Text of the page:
The issue of digital download affecting sales or not, within the chat there was also the rebounding discussion that the issue of downloads versus sales doesn't matter in metal, because kids will still buy metal. It's a big call, but one that was backed up by lots of other chat participants. Some pointed out that downloading, as consumers, is impersonal and dissatisfying because you don't get the tactile interaction with art that you get a physical package.

Merchandise, however, is vital to bands both large and small. As one participant in the chat pointed out, merch is quite literally 'walking promo': promo is used to sell the music, on the one hand, and yet the band's name and/or image is used to sell merchandise. To some extent the 'which is more important' question is like the 'chicken or the egg' question, for established bands anyway. Some participans in the chat, however, disagreed with this – stating that kids will always buy music before they buy merchandise, that the music is often cheaper than merch, if not free. Some fans perfer to buy merchandise over albums, because they are conscious that there is a higher financial return for bands on merchandise – and this guides their purchasing decisions accordingly.

Merchandise, so the discussion went on this particular metal chat, yields a higher revenue for the bands, though it never comes before the music. Still others pointed out that the best promo for any band is touring, but that often the funds for touring come directly from merchandise sales.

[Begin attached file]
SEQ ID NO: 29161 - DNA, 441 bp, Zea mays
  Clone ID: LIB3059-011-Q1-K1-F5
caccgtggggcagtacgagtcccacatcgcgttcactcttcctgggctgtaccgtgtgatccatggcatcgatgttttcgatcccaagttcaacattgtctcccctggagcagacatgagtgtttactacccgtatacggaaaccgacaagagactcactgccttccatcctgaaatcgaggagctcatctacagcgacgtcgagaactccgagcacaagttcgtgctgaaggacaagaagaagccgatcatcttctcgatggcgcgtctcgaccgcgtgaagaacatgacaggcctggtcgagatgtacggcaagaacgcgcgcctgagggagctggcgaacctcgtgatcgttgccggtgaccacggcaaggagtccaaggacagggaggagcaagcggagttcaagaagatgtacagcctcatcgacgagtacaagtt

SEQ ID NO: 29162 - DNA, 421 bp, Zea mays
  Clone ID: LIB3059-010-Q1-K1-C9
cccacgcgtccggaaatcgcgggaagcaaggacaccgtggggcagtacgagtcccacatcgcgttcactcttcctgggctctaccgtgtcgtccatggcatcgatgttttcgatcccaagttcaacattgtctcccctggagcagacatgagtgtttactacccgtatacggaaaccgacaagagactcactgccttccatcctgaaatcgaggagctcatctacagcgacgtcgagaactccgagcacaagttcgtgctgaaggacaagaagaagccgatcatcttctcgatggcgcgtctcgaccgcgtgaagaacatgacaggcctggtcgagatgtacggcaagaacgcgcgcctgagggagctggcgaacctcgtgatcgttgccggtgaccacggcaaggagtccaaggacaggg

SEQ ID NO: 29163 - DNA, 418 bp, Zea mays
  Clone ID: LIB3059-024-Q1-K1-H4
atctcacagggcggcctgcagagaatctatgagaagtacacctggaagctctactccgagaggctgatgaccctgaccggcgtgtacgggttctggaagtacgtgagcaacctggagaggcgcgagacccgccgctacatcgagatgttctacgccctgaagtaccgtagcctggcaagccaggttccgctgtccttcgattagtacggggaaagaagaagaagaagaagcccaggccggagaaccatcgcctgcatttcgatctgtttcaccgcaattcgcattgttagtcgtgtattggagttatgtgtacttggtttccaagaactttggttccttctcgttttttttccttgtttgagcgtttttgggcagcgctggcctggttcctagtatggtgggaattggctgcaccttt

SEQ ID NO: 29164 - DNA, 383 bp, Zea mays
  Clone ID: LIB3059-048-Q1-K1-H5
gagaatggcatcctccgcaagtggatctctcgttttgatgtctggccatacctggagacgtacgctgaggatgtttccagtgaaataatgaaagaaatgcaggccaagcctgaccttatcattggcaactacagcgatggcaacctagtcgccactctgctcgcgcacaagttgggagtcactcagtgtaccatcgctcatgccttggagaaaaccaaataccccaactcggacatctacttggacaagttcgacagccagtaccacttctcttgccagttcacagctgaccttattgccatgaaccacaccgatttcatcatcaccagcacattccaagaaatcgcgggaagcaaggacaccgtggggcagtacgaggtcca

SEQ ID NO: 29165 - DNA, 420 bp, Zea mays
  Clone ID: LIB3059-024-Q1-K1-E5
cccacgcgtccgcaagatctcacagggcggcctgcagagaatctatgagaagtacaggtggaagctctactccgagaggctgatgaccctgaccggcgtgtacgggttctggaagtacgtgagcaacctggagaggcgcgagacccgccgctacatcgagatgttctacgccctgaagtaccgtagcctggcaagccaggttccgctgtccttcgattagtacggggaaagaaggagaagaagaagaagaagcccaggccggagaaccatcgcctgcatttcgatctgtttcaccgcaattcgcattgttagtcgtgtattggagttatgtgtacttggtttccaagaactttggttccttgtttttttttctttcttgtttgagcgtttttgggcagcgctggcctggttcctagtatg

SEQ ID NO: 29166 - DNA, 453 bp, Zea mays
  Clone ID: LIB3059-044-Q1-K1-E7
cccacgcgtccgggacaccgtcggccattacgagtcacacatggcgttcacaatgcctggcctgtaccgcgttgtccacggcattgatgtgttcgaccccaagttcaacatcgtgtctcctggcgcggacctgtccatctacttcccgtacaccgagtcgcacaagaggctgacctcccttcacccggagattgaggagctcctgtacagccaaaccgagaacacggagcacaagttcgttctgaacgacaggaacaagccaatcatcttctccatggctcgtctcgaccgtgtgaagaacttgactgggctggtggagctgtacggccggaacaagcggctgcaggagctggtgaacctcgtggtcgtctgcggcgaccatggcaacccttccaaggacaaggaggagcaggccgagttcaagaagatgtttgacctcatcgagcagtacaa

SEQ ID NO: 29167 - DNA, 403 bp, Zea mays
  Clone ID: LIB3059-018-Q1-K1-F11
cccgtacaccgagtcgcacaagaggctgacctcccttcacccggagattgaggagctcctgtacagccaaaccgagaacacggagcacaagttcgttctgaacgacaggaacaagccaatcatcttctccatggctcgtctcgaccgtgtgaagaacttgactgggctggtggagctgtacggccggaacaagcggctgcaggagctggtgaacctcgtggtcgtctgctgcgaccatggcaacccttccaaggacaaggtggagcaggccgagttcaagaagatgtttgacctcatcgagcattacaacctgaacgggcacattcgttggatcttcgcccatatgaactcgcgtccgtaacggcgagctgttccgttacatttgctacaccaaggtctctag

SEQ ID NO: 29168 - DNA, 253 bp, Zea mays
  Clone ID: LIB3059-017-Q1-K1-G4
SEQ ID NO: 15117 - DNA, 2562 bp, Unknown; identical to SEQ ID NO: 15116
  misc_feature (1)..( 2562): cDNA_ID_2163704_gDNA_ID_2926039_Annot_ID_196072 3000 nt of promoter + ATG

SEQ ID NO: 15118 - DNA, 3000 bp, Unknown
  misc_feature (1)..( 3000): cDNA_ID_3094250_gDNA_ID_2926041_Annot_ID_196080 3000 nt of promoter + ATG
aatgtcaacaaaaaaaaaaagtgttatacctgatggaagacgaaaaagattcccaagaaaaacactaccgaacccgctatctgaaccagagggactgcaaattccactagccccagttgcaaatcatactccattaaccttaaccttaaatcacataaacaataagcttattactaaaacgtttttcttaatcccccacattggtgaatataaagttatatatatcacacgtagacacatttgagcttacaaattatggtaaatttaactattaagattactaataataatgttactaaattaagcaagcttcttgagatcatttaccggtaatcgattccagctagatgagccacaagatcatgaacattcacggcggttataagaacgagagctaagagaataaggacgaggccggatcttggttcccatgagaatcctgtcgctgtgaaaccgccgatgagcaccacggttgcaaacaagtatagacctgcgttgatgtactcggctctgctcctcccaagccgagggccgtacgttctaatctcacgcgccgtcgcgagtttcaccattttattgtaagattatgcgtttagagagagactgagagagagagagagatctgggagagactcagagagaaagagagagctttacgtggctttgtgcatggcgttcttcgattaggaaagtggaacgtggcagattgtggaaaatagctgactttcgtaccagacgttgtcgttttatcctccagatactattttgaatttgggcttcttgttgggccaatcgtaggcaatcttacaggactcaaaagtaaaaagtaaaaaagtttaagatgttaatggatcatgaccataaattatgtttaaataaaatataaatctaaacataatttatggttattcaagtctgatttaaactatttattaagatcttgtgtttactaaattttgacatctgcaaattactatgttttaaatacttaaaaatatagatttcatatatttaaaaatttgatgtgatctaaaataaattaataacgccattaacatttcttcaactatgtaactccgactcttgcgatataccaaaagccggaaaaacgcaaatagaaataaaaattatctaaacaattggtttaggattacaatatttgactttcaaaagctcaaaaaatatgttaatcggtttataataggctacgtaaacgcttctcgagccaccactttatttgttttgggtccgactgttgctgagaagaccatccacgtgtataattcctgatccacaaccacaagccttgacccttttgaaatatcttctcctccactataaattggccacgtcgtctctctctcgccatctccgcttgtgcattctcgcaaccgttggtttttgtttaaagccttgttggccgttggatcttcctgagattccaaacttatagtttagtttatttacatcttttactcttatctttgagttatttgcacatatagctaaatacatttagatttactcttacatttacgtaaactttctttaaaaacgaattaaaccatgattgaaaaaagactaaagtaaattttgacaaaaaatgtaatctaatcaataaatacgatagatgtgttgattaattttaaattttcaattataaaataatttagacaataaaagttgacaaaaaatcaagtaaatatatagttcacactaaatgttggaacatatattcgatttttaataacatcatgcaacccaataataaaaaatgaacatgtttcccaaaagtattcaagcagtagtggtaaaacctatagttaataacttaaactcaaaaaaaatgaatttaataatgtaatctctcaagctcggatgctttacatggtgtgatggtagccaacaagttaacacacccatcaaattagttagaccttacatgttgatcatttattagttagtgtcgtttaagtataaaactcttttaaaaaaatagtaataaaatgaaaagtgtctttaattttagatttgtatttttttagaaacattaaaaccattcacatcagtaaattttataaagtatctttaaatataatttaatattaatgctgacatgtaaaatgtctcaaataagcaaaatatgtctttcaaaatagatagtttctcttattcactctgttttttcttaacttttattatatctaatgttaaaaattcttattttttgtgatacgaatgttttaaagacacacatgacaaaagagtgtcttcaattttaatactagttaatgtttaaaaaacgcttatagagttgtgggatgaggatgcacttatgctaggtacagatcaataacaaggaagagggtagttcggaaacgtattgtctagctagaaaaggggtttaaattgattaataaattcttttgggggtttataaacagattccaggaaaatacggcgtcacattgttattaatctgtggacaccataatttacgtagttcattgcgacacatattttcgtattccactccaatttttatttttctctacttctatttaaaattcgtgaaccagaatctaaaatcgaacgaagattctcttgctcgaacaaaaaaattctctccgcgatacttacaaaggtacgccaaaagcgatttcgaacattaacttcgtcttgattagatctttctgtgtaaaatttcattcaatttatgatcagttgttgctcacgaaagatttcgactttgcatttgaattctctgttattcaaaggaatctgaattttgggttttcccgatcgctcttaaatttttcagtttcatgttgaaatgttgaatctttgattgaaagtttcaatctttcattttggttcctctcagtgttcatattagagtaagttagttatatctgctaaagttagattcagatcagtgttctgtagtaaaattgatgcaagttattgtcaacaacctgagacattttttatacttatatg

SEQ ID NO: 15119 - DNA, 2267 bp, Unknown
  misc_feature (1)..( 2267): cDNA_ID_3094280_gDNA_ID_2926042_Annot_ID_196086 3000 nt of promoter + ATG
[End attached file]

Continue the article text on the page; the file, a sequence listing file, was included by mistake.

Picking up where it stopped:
It's a curiously interwoven web between album sales, merch sales and touring promotion; and the age-old debate that any promo that goes down well generates sales also raised its head.

And yet, despite the importance of merchandise to bands, it's clear to any metalhead – including those on the metalchat – that t-shirts and artwork are central to metal, as in no other genre of music that exists. Image is important to the lifestyle, and it is also important if you're going to sell yourself as an artist or band. And yet, interestingly, to those involved in the chat, being seen as a poser is still a huge crime to the metal community: that is, being seen to be a metalhead, when really you're not. This is one area in which the music is seen as being far more integral to the metal community in terms of lifestyle, than is its merchandise-driven trappings: you can look like a metalhead all you want, but without the music, you're not really part of the scene. Besides which, as some argued, the music is far more important to a metal lifestyle, simply because of its emotional impact: some merch has an impact, but only because it is extreme, or offensive. It doesn't have the deep emotional connection – whatever that might be – that the music itself has.

Whichever way you look at it, album sales are important given that the metal scene wouldn't exist without the music; and yet issues of merchandise are vital for the bands' financial return, and vital for image creation. The two are not easily separated, and after this discussion on Twitter I'm not sure that they should be. Many of the issues go far deeper than a simple 'which is more important' debate, and highlight that the metal music industry is an intensely complex beast. What might surprise some is that metal fans are aware of this complexity, and often make their consumer choices based on that knowledge.

If you have further comments about this issue, please drop them here: we'd love to hear what you think.